What are Partial Seizures and Focal Seizures?
- With a partial seizure, the burst of electrical activity stays in one part of the brain.
- Therefore, you tend to have localised (focal) symptoms.
- A simple partial seizure usually lasts just a few seconds or minutes.
- During complex seizure, you are not aware of your surroundings.
Allan’s seizures usually occur while she's asleep. He makes a grunting sound, as if he's clearing his throat. Then he'll sit up in bed, open his eyes, and stare. He may clasp his hands together. If his wife asks him what he's doing, he doesn't answer. After a minute or so, he lies down and goes back to sleep. This is a typical story of a complex partial seizure.
All seizures are caused by abnormal electrical disturbances in the brain. Partial (focal) seizures occur when this electrical activity remains in a limited area of the brain. The seizures can sometimes turn into generalized seizures, which affect the whole brain. This is called secondary generalization.
With a partial seizure, the burst of electrical activity stays in one part of the brain. Therefore, you tend to have localised (focal) symptoms. Different parts of the brain control different functions and so symptoms depend on which part of the brain is affected.
Simple partial seizures
In this type of seizure you may have muscular jerks or strange sensations in one arm or leg. You may feel, hear, see, smell, or taste odd sensations. Some people develop pins and needles in one part of the body. However, you do not lose consciousness or awareness. A simple partial seizure usually lasts just a few seconds or minutes. For each individual, the same movement or sensation tends to recur each time a seizure occurs.
Complex partial seizures
During this type of partial seizure, you are not aware of your surroundings, or of what you are doing. In effect, you have a partial loss of consciousness (which differs from a simple partial seizure). This type of seizure can arise from any part of the brain but most commonly arises from a temporal lobe (a part of the brain). Therefore, this type is sometimes called temporal lobe seizure.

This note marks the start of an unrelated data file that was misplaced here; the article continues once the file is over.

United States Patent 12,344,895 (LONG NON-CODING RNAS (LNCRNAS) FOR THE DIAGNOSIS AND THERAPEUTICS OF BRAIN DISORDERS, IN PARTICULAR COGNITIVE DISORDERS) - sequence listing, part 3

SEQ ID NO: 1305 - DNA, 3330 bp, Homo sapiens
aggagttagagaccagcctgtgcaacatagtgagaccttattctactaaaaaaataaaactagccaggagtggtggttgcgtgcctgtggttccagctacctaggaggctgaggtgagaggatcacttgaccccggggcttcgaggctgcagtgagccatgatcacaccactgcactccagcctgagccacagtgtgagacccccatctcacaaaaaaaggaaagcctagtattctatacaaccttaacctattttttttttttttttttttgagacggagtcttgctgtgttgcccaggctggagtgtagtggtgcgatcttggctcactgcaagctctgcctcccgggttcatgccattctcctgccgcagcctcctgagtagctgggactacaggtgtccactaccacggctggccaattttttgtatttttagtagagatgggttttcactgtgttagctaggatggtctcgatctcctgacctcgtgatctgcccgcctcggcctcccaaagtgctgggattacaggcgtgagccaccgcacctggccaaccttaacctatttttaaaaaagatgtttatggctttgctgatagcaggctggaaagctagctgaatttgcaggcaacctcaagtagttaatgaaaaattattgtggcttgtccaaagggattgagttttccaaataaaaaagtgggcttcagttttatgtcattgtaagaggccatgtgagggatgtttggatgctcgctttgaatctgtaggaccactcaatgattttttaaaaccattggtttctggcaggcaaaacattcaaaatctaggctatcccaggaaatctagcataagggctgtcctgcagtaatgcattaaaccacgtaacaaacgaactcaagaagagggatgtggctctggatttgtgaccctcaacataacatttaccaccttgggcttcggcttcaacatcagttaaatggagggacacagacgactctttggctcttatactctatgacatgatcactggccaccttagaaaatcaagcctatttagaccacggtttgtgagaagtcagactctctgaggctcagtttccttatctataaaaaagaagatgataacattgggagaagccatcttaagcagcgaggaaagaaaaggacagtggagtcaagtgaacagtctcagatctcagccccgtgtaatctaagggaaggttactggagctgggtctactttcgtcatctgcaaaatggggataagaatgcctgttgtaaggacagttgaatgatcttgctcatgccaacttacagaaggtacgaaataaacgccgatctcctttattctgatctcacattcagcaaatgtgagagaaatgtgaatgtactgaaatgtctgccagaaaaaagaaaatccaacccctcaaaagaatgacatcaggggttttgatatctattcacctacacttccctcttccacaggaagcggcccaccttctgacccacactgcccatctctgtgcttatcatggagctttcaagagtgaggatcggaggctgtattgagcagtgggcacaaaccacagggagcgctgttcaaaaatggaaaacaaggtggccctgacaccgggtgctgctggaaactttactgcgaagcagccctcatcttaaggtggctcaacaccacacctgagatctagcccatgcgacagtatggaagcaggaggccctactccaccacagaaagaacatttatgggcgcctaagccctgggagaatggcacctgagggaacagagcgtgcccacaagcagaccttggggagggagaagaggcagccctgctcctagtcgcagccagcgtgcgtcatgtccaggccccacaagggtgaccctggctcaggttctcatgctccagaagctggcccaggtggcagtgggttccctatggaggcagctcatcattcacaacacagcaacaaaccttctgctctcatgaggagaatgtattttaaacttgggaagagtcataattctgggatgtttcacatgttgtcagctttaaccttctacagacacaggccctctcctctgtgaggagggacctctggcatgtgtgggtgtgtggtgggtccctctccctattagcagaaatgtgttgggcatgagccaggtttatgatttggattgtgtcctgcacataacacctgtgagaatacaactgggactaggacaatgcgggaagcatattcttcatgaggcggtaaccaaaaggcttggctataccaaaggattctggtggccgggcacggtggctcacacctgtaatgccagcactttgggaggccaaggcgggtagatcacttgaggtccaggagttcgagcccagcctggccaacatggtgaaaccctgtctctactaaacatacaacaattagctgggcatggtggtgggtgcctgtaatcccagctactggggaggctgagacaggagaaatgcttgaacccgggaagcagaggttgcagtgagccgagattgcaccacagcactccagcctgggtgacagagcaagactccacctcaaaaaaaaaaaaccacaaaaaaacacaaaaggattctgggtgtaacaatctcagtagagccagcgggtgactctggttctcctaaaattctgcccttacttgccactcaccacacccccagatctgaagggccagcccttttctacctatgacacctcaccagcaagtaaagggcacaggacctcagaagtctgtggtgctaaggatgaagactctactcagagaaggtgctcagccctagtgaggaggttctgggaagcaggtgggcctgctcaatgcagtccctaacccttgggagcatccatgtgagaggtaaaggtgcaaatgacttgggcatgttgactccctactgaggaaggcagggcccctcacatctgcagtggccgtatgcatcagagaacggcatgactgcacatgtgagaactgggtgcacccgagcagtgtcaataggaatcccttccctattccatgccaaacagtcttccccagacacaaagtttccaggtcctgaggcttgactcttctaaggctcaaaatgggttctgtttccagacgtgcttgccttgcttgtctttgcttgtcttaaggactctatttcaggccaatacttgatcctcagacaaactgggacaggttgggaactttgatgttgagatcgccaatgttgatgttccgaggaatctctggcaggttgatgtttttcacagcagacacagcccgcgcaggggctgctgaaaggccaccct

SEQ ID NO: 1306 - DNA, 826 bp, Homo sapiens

The temporal lobes of the brain help to deal with mood and behaviour. Therefore, you may have strange feelings, sensations, and emotions during a complex partial seizure. It may feel like being in a dream. Your surroundings may appear strange or oddly familiar. It may be difficult to explain the feelings or sensations that occur. To an onlooker, you may appear to be in a trance or behave strangely for a few seconds or minutes. For example, you may wander with no apparent purpose. Some people smack their lips, fumble at clothes, appear to fidget, swallow repeatedly, or do other repetitive movements.
Sometimes a partial seizure develops into a generalised convulsive seizure. This is called a secondary generalised seizure.
Symptoms can include:
1. Abnormal muscle contraction
- Muscle contraction/relaxation (clonic activity) -- common
- Affects one side of the body (leg, part of the face, or other area)
- Abnormal head movements
- Forced turning of the head
2. Staring spells, with or without complex, repetitive movements (such as picking at clothes) -- these are called automatisms and include:
- Abnormal mouth movements
- Lip smacking
- Behaviours that seem to be a habit
- Chewing/swallowing without cause
3. Forced turning of the eyes
4. Abnormal sensations
- Numbness, tingling, crawling sensation (like ants crawling on the skin)
- May occur in only one part of the body, or may spread
- May occur with or without motor symptoms
6. Abdominal pain or discomfort
9. Flushed face
10. Dilated pupils
11. Rapid heart rate/pulse
Other symptoms include:
- Blackout spells -- periods of time lost from memory
- Changes in vision
- Sensation of déjà vu
- Changes in mood or emotion
References taken from: Medicine Plus, Patient.co.uk
Image Source: Getty Images
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Source: Onlymyhealth editorial team Feb 24, 2011
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